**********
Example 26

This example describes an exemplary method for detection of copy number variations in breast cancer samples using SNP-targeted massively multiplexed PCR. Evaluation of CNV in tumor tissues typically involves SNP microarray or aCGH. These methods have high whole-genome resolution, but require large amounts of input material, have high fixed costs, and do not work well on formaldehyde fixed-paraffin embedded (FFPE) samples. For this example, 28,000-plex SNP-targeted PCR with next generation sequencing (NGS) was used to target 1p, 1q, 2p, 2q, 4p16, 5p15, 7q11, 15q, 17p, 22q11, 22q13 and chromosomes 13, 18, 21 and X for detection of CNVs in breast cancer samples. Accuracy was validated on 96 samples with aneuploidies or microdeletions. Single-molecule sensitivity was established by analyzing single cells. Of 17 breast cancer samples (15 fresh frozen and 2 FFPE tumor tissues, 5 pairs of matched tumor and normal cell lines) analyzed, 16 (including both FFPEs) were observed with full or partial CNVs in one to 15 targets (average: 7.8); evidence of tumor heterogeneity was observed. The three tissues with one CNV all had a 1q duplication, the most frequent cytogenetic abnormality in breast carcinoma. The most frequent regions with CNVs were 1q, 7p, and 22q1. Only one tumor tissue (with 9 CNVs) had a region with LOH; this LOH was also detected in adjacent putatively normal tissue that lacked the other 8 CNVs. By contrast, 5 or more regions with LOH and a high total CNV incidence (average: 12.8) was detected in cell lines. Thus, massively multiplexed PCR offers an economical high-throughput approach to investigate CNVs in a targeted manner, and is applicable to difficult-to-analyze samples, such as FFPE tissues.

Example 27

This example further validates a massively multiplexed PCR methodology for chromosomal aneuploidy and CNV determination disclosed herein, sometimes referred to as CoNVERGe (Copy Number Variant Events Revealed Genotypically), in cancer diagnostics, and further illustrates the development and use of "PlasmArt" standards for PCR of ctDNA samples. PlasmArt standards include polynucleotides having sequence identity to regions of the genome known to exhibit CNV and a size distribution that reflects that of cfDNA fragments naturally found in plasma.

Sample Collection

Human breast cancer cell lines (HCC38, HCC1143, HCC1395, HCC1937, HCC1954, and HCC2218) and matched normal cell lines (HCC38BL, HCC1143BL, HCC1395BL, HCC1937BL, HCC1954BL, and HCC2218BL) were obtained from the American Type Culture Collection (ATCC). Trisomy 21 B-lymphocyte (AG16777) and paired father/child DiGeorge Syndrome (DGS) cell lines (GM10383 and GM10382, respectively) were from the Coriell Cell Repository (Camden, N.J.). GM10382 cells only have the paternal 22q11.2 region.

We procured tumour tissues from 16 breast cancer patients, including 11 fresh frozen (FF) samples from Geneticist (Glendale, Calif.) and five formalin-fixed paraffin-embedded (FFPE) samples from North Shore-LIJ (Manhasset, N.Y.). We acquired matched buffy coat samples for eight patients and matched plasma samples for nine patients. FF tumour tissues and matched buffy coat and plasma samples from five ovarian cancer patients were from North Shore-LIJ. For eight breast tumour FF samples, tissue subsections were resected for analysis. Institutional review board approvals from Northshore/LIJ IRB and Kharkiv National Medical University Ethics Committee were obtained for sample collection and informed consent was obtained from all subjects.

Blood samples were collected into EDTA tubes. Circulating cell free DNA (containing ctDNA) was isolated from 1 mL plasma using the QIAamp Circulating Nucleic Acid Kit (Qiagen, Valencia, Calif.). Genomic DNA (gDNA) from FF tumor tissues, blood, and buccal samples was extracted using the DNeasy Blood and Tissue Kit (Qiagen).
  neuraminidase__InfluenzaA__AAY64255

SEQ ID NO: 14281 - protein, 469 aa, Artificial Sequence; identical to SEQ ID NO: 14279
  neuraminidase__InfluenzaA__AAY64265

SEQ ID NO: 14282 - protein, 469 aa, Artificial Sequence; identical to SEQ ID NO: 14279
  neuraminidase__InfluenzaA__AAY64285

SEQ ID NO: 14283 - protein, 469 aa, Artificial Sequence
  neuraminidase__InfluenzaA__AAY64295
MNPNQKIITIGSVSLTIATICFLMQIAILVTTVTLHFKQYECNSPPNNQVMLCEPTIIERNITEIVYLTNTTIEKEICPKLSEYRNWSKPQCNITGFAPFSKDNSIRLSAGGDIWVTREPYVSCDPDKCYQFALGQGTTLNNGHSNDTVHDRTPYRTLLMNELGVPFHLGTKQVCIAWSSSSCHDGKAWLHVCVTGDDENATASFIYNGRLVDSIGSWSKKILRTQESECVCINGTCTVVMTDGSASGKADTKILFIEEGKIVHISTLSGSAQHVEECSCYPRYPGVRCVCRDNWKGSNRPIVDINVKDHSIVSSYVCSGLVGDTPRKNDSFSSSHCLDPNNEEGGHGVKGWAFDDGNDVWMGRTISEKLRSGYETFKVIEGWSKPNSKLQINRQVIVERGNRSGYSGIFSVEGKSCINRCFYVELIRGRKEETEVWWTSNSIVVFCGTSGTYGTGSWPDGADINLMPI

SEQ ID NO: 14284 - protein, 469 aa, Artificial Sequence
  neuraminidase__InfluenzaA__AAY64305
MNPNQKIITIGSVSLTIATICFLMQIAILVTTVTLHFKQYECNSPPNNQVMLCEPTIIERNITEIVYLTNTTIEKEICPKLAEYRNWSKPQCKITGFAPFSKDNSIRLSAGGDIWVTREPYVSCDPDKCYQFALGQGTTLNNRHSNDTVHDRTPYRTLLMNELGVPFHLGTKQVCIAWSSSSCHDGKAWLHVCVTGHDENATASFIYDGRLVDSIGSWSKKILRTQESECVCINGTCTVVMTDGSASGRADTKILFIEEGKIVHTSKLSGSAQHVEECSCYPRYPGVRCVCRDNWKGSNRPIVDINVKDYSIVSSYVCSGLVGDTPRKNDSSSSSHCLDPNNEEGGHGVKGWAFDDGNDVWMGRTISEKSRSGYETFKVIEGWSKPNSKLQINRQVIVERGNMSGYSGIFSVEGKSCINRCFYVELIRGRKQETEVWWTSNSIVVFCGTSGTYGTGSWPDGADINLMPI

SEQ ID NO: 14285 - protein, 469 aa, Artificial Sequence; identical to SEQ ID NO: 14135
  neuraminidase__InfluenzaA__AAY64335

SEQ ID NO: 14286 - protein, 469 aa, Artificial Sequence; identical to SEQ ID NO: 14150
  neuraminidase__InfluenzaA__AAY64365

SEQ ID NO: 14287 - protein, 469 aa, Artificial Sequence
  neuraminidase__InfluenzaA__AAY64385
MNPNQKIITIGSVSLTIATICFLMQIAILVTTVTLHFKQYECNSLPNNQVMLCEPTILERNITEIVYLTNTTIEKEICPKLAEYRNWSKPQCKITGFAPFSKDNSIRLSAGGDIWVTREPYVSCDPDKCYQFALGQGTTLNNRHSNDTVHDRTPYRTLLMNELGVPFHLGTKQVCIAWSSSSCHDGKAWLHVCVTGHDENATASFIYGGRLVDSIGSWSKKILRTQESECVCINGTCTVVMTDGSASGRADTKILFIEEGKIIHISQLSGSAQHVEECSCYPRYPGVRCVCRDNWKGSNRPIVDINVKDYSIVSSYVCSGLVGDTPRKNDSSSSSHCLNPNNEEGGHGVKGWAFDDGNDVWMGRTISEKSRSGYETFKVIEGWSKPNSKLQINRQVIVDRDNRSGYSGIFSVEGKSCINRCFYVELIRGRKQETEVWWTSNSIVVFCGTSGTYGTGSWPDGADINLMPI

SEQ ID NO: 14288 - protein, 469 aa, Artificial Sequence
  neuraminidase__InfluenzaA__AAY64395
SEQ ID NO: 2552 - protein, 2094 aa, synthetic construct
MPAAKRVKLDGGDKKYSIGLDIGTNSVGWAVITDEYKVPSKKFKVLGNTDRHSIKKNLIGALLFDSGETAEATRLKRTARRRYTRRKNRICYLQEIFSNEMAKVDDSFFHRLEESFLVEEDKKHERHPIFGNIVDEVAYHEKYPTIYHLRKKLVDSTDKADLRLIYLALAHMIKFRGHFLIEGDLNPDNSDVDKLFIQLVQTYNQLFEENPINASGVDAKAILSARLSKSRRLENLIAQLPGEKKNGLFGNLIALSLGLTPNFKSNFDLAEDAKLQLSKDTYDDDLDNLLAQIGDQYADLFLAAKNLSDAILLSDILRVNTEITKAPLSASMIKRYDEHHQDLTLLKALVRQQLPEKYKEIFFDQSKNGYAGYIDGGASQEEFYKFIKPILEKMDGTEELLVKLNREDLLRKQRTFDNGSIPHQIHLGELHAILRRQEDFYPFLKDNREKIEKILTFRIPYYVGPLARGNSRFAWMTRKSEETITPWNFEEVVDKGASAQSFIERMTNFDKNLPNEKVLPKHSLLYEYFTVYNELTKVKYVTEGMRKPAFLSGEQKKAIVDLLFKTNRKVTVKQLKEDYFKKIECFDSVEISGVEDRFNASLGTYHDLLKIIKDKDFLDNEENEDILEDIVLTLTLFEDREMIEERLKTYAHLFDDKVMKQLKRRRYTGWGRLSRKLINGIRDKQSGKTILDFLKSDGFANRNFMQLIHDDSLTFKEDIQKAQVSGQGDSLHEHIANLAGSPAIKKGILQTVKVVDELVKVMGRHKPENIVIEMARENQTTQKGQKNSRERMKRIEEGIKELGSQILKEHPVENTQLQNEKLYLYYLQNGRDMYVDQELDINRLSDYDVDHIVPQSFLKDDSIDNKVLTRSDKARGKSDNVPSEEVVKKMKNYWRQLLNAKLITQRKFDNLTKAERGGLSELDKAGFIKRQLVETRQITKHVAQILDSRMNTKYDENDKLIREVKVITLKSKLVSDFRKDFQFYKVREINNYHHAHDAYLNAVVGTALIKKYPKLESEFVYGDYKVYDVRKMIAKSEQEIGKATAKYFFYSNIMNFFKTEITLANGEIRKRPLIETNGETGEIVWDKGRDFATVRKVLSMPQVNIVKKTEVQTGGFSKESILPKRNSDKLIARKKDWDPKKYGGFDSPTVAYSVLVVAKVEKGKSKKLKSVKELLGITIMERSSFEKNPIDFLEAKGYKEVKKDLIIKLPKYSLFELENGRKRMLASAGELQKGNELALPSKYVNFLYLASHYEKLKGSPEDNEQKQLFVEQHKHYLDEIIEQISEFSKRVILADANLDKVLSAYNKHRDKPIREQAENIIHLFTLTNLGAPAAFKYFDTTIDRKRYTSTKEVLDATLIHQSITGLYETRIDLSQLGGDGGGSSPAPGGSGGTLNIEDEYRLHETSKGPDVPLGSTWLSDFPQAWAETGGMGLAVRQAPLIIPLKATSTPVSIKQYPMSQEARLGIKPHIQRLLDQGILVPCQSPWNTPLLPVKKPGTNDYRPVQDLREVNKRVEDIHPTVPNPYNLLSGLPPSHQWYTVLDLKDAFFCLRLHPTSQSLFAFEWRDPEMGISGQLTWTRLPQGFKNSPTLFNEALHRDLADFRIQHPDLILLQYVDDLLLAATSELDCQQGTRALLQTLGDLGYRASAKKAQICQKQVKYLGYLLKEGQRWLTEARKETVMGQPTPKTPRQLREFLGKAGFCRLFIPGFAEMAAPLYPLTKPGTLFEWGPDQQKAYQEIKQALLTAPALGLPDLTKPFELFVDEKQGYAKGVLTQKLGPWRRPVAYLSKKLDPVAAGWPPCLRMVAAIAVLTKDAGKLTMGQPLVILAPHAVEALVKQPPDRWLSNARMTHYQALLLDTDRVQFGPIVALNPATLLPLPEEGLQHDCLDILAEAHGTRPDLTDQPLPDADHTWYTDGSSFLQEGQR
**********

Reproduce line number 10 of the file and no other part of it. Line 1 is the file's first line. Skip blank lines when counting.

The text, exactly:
SEQ ID NO: 14281 - protein, 469 aa, Artificial Sequence; identical to SEQ ID NO: 14279